With that in mind, if you plan to practice sleeping less to get more done, we advise you to first take a long and restful sleep before you indulge in exam preparation or other activity. If you work an intensive and tasking job, make sure to rest as much as possible through the weekend, so that sleeping less won’t affect your performance too much.

It’s worth defining a special term called “sleep debt” it’s a piece of information memorized by our brain on how much we sleep. For example, if we don’t sleep enough one night, our brain will demand compensation for the time we didn’t sleep the next time we sleep.

With that in mind, your body will need more rest in the night, will induce more slow-wave sleep, and even allow you to fall asleep easier and faster. According to a study, sleep debt, often called sleep loss, helps us optimize our rest duration.

2. Alcohol Abstinence

Alcohol effects on people are different. While some people experience insomnia due to alcohol, many use it as a sedating beverage to help them fall asleep. This way or another, alcohol can make you more drowsy in the morning, especially if you’re experiencing a hangover.

So, while potentially helping you fall asleep, alcohol can trigger your metabolism to a point your sleep quality is compromised. If you want to sleep less and do more, the best thing you can do is avoid alcohol. The goal is to wake up refreshed, with alcohol you could potentially need more hours of sleep to feel rested.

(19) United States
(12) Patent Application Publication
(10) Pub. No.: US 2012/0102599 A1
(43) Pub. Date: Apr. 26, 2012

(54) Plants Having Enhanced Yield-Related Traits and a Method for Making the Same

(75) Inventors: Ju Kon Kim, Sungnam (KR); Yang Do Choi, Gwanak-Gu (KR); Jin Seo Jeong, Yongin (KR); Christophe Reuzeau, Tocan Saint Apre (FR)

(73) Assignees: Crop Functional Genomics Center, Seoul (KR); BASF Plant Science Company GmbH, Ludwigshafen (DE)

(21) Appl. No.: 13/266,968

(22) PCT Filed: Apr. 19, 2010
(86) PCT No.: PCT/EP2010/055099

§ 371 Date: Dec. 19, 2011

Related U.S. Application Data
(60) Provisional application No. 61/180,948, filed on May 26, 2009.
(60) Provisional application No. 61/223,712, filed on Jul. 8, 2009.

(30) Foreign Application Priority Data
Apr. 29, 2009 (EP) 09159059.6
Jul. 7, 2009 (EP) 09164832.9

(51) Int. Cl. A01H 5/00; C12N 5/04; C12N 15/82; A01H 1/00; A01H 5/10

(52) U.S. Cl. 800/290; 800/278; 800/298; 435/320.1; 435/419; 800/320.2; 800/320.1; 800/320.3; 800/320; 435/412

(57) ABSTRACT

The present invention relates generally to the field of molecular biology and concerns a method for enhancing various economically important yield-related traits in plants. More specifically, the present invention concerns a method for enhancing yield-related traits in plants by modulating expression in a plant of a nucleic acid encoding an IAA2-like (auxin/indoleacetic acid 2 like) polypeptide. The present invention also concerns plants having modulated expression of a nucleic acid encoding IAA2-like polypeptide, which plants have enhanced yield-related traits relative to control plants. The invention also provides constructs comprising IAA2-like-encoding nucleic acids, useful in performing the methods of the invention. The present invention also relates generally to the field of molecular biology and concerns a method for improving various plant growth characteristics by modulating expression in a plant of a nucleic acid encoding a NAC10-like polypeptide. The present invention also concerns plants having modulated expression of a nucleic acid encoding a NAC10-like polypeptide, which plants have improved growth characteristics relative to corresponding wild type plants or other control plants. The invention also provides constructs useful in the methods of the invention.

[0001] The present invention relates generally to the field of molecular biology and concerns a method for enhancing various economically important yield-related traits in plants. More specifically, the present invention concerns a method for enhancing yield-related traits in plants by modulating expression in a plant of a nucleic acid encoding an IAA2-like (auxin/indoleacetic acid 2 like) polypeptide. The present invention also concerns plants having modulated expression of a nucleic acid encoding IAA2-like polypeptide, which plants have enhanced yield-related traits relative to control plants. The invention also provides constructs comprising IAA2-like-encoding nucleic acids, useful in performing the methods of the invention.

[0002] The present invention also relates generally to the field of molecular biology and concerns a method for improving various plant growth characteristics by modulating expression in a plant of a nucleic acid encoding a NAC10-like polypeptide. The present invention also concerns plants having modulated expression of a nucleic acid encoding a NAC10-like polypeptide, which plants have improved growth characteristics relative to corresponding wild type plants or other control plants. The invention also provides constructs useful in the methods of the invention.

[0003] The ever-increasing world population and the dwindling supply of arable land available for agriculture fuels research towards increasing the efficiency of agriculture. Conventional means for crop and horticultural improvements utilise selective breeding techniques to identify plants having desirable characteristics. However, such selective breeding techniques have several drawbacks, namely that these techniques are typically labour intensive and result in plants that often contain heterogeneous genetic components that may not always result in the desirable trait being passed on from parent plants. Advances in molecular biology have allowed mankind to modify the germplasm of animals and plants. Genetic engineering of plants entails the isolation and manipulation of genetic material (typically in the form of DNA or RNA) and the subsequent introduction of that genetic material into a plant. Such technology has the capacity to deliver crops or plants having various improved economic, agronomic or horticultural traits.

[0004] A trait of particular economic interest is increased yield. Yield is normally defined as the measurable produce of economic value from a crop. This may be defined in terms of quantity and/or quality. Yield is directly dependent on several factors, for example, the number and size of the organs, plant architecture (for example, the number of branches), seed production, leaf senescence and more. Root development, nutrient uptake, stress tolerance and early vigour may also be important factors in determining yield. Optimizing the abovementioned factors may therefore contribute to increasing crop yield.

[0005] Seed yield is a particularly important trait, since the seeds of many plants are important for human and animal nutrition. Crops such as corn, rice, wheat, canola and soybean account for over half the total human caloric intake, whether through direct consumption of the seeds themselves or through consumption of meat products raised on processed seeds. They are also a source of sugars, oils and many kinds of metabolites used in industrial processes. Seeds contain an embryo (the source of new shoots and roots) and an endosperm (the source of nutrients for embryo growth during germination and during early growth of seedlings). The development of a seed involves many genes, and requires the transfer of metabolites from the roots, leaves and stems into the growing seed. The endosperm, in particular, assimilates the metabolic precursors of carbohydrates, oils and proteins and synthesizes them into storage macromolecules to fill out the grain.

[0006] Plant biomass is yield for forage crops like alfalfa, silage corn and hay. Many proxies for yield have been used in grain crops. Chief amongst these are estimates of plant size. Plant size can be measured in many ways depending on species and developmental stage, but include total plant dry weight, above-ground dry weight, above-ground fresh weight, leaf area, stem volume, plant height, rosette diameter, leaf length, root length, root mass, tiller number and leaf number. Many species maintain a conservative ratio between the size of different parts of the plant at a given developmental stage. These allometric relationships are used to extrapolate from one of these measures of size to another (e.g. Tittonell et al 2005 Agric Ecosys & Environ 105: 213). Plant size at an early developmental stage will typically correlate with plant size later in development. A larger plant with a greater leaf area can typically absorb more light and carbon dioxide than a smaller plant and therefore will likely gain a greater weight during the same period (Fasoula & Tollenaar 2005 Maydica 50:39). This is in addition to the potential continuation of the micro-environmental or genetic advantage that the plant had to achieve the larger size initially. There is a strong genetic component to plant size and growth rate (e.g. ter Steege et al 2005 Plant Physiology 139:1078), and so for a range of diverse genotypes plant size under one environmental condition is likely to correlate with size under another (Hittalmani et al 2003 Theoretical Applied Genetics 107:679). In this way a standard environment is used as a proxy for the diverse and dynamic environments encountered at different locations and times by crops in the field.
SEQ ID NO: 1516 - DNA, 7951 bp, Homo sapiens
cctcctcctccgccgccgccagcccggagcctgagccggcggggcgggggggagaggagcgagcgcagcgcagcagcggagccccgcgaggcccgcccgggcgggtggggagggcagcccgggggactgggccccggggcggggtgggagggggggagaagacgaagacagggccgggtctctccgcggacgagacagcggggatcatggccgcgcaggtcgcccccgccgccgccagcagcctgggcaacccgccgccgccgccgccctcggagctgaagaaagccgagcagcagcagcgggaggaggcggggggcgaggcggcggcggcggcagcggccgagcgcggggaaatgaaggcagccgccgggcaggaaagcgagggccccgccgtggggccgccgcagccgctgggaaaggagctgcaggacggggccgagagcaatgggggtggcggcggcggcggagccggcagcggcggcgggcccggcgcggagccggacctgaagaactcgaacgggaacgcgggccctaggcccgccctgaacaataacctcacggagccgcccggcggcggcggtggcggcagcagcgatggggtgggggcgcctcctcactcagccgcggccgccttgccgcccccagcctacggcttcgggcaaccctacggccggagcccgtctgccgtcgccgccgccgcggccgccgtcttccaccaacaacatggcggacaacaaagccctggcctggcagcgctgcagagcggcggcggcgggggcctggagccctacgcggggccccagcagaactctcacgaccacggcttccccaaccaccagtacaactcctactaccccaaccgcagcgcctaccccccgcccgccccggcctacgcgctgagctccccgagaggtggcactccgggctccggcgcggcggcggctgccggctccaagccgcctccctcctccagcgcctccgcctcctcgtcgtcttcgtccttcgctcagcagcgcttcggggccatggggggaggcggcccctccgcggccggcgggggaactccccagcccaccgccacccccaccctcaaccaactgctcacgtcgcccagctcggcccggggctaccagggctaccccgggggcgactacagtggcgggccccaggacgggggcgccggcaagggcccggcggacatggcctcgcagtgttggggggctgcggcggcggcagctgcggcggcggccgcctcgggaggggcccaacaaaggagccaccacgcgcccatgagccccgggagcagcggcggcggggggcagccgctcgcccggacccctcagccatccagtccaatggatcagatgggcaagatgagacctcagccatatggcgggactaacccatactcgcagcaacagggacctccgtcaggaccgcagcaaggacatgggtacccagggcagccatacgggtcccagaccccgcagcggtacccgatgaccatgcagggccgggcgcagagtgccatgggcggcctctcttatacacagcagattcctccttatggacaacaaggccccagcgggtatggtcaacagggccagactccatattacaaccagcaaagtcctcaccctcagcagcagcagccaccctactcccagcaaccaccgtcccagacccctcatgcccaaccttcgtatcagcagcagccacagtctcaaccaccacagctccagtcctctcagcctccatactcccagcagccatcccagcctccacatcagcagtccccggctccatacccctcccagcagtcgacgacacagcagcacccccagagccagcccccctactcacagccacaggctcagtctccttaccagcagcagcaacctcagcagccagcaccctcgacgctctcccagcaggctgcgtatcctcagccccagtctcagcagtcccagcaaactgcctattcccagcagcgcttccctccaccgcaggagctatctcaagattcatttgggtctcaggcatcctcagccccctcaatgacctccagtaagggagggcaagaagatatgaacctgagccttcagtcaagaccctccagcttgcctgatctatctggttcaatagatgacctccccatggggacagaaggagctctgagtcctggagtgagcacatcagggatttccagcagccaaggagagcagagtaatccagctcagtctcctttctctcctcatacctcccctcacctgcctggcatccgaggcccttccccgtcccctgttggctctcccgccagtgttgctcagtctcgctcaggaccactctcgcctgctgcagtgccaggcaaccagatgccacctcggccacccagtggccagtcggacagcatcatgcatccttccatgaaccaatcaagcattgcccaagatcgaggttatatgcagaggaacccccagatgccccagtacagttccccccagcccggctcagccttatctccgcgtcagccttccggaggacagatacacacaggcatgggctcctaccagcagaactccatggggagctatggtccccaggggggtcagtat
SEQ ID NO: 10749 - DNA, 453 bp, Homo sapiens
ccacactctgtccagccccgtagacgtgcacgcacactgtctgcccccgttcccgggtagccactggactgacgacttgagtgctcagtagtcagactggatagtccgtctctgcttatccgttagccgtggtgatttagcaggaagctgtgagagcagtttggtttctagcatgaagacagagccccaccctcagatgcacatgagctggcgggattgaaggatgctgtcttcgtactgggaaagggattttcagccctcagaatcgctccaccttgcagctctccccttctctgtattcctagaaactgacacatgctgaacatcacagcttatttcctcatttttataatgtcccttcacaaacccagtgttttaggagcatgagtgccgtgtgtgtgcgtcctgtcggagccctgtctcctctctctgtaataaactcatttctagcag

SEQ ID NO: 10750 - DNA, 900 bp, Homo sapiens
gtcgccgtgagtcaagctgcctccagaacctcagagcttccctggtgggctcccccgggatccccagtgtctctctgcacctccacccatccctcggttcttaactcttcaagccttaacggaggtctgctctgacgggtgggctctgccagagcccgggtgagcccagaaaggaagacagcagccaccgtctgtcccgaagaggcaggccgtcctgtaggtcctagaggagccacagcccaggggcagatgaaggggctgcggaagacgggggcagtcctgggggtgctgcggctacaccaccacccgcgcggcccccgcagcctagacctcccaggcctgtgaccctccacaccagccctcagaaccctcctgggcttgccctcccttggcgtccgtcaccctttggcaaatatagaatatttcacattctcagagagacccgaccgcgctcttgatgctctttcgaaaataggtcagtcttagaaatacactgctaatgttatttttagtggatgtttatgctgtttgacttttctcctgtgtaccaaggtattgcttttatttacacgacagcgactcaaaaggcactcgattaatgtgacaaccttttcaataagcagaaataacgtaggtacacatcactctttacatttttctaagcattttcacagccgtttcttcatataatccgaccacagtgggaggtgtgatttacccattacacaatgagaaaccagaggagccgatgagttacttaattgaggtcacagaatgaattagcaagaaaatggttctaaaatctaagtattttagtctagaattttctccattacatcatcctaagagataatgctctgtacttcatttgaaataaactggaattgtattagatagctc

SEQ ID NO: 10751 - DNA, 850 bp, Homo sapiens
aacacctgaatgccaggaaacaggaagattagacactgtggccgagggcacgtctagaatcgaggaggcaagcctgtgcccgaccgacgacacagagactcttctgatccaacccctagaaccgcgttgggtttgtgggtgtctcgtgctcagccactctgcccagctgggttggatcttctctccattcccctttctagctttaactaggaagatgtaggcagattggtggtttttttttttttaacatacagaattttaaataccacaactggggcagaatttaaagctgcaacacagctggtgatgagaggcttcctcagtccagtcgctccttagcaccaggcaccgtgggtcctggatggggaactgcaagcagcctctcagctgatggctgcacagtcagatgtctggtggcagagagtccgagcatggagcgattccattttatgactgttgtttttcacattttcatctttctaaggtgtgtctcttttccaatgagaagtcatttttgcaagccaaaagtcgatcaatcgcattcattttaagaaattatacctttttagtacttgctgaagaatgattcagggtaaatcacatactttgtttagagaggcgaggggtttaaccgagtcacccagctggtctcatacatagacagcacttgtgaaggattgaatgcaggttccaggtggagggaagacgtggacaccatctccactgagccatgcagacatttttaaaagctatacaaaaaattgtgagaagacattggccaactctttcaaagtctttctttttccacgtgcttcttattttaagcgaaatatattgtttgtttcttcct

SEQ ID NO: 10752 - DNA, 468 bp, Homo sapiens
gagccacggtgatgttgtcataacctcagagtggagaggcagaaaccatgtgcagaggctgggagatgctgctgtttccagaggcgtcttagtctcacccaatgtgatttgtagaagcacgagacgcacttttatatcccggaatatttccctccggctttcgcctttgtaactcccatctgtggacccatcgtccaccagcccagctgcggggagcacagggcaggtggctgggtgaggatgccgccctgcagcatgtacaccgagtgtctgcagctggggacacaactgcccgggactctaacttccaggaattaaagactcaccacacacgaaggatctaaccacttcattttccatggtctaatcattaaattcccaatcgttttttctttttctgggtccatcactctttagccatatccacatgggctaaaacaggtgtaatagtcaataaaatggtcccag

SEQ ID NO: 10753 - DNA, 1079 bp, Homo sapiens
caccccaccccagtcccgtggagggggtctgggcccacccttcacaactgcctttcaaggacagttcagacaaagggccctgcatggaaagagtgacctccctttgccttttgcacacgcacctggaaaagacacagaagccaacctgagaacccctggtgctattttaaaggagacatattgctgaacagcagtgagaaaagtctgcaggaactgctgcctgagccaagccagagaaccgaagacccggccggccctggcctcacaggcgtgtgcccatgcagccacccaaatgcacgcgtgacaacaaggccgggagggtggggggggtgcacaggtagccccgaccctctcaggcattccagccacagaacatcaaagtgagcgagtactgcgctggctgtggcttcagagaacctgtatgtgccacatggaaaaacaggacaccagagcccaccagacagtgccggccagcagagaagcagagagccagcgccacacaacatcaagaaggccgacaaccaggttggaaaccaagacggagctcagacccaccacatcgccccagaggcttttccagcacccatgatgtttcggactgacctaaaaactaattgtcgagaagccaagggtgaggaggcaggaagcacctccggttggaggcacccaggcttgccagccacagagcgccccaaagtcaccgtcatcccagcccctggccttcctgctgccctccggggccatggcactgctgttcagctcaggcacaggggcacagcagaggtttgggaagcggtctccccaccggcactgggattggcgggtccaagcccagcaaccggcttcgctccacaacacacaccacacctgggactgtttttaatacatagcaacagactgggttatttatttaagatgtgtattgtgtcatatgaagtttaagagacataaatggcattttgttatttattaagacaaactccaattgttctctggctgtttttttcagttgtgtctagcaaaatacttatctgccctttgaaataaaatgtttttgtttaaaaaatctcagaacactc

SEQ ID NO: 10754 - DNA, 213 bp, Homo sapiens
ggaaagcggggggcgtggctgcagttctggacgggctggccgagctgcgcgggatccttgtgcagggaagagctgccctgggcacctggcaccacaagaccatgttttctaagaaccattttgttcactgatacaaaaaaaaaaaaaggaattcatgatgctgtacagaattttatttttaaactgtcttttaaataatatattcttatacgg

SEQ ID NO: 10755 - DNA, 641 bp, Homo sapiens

3. Avoid Large Meals

Similarly like with alcohol, the large and complex meal could give your metabolism and guts a lot of work to digest what you’ve eaten. As you may know, a higher metabolic rate could employ your digestive system, raising your body temperature. So, even if you manage to fall asleep, your sleep quality could be disrupted and you will wake up tired and sleepy.

Experts recommend not eating any large meals before bed, or not sleeping for at least four hours after a larger meal. If the meal isn’t too large and complex, you shouldn’t go to bed for at least two hours after you’ve eaten.

4. Routines, Routines and More Routines

A lot of people like to lead and take care of their bedtime routines – Take a shower, brush your teeth, read a few pages of a book, lower down the electronics, and more. However, for some people that may not be enough to get them out of bed in the morning. To enhance productivity and sleepless, you need to create both a bedtime routine and a morning routine.

Plan things out, so you wouldn’t think about anything troubling as you’re laying down to bed. Make sure to fall asleep early, and focus on what you have to do once you wake up in the morning.

5. Jump Out of Bed

Not literally, but if you want to avoid falling asleep right after waking up, you should urge and force yourself to get up as soon as you can. Staying in bed for a longer time may let your laziness prevail, letting you get up long after you’ve woken up.

If you get up immediately, you’ll trigger an adrenaline rush that will completely wake you up, without letting you crave going back to bed.